[78-L] Bristol and beyond - was Oldest living ...
rjh334578 at gmail.com.invalid
Fri Jan 2 17:02:40 PST 2015
RE: [78-L] Bristol and beyond - was Oldest living person to have made a 78?
Earliest mention of the Bristol sessions I remember was Bill Malone's book
"Country Music, USA" which came out in 1968 or 1969 and I read in 1969 or
1970, bought my own copy in 1971. He discusses the event and noted its
significance but didn't single it out as the "big bang for country music"
(Nolan Porterfield's term), but he did cite a Billboard article from 1953 by
Ralph Peer, "Discovery of the First Hillbilly Great" so that may have been
the first clue to researchers and then the general public outside of Bristol
itself, where it was passing into local folklore. I started buying the RCA
LPs of Jimmie Rodgers (which came out 1958-1964+) and the liner notes
mentioned the sessions without great fanfare or hoopla. By 1972 when I
bought the Victor Master Book, I had an inkling of what all else had
happened on Peer's excursion after Bristol. When I toured the Country Music
Hall of Fame for the first time, probably that next summer ('73), they had a
major display including a pretty cool diorama of the whole scene. At this
point it was referred to as "The Bristol Sessions," so I may have answered
my own question of when the event became famous as "The Bristol Sessions."
But what of all that stuff Peer waxed in Atlanta and Charlotte, etc? That
following October in Atlanta gave birth to the Stamps Quartet, which, to a
lot of folks, is the big bang for Southern Gospel (the earlier Vaughan work
notwithstanding, much as Dalhart is overshadowed by Rodgers & the Carters),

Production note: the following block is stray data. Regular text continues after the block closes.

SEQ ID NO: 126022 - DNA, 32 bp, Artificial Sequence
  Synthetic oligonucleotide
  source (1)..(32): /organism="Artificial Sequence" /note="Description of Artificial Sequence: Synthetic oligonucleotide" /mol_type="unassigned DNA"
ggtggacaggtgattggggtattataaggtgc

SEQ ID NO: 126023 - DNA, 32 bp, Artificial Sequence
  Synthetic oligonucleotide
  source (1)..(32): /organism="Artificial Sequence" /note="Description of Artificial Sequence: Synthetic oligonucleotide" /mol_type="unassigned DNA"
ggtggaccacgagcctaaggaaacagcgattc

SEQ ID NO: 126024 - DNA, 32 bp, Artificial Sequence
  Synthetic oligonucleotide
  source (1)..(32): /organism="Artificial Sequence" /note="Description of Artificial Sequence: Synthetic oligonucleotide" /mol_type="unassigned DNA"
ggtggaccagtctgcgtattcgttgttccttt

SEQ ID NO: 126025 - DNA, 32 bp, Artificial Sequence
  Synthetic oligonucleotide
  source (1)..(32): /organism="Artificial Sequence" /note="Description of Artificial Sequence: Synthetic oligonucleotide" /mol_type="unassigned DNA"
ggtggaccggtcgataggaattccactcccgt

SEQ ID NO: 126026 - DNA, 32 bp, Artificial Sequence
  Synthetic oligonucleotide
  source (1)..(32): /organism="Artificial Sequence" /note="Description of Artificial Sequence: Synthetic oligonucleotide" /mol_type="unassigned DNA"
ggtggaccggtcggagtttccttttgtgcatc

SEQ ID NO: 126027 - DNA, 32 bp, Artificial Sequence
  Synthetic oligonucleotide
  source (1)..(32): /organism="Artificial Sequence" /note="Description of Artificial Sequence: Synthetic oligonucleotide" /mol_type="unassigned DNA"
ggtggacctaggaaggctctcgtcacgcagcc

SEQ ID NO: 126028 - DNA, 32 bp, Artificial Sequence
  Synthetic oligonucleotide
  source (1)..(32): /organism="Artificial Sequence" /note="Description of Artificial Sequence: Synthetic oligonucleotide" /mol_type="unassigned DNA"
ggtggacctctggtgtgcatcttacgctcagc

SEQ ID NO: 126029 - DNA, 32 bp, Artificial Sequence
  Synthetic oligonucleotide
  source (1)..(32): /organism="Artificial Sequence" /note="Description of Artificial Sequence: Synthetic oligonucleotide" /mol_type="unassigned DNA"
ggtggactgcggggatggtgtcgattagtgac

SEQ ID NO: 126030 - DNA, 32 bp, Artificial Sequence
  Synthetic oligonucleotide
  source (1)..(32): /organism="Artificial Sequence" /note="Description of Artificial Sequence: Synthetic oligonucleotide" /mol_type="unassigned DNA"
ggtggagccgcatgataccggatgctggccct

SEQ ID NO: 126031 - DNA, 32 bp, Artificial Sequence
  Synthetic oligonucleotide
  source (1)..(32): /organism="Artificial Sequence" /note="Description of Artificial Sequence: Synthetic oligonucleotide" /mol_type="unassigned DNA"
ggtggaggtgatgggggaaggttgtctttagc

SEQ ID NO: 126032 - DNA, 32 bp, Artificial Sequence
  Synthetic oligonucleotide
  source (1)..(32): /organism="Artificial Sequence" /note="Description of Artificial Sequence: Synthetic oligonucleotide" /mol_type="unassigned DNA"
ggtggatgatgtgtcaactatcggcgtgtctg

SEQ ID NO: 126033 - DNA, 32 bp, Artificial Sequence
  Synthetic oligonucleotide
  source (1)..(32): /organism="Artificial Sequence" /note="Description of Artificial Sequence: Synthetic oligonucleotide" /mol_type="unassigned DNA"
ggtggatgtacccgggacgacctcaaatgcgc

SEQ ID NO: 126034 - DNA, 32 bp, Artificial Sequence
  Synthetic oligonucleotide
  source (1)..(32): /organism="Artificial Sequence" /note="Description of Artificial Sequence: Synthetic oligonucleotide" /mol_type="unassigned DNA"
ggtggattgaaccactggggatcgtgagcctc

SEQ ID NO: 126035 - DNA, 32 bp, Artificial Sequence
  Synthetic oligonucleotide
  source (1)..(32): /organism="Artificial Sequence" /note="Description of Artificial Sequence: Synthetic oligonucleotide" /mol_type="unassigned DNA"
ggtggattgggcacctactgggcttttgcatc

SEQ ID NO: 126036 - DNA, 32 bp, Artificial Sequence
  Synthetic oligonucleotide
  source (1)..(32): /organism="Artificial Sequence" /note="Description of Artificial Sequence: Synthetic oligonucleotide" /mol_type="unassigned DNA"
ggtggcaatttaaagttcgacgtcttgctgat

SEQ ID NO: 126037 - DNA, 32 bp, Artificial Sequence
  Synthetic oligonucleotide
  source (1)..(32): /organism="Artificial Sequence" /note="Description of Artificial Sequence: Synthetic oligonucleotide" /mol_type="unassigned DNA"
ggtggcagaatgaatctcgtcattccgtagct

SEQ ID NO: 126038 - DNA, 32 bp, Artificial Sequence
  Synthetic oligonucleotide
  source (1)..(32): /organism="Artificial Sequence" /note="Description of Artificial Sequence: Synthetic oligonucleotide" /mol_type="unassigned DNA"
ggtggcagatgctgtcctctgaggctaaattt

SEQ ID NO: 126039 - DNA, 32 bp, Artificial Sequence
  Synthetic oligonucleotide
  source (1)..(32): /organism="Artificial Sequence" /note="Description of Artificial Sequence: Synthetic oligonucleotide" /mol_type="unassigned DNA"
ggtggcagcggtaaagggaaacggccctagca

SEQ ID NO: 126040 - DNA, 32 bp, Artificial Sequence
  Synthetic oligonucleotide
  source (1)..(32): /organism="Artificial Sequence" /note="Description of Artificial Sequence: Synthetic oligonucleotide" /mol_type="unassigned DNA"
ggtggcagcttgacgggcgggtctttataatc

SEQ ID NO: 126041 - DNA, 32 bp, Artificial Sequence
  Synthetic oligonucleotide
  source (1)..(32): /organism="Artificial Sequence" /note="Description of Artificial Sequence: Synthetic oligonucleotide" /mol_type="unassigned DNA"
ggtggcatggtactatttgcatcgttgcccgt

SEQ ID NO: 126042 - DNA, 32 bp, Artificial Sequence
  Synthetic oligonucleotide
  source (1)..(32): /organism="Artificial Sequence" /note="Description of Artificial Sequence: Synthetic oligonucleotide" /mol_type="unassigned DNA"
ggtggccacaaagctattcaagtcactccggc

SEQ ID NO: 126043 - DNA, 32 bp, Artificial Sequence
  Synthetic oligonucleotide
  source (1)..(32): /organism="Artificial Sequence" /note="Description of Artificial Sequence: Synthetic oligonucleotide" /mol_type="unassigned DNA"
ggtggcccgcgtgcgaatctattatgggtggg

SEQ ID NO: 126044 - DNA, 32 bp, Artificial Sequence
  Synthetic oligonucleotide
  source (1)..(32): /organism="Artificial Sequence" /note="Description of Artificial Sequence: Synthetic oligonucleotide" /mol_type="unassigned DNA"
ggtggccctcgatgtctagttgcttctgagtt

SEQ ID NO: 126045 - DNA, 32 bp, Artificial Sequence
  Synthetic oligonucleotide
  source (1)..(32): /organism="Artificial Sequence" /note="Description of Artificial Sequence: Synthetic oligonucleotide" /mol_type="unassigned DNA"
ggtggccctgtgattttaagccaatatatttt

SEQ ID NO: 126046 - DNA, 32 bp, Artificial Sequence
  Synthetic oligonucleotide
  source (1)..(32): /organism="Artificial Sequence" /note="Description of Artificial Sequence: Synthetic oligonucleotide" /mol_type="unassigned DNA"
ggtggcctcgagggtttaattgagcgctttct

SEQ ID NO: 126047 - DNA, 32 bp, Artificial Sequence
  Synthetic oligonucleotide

but none of the other acts from those sessions quite measure up to Rodgers
and the Carters. The episode is revered for good reason.
From: 78-l-bounces at klickitat.78online.com
[mailto:78-l-bounces at klickitat.78online.com] On Behalf Of Cary Ginell
Sent: Friday, January 02, 2015 11:05 AM
To: 78-L Mail List
Subject: Re: [78-L] Oldest living person to have made a 78?
I was keenly aware of it in 1977 when I did a 50th anniversary tribute to
the sessions on my country radio show. Tony Russell's Country discography
was still 25 years away and I didn't own the Victor Master Book at the time,
so I had no way of knowing who else made records at that session - but I did
pay tribute to Rodgers and the Carter Family on my program.
On Jan 2, 2015, at 8:57 AM, gdkimball at cox.net.invalid wrote:
> I assume that it was only in retrospect that it became iconic. There had
been many southern field sessions by 1927, so it wasn't a big deal at the
time. Stoneman and some of the other participants had aleady made plenty of
records. Atlanta might have a better claim as the "Birthplace of County
Music" in terms of timing and volume of recordings.
> ---- Rodger Holtin iPod <rjh334578 at gmail.com.invalid> wrote:
>> That has been my thought, too.
>> I am really impressed withthe writer. No references to "vinyl" or
>> "RCA" but did use "Orthophonic"!
>> I have that record and often wondered about who all participated.
>> There are a lot of churches in this part of the world - the American
>> south - (I am in west Tennessee) that still sing just exactly like that.
>> And now my question
>> The story references Johnny Cash's acknowledgement of the Bristol
>> sessions. I know it got some publicity when it was current news but
>> I have to wonder at what point was it known by scholars? When was
>> this known by the music fraternity? Cash, of course, married into
>> the family but was he or anybody else really aware of its
>> significance prior to the Country Music Hall of Fame that really
>> brought it to the fore? Surely they wee just old records for a long
>> Sent from my iPod - which explainz any bad typjng
>> On Jan 2, 2015, at 7:06 AM, Kristjan Saag <saag at telia.com.invalid>
>>> I always thought there might turn up an acoustic recording with
>>> childrens' voices, and some of the participants still alive. This
>>> was pretty close.
>>> On 2015-01-02 06:37, David Lennick wrote:
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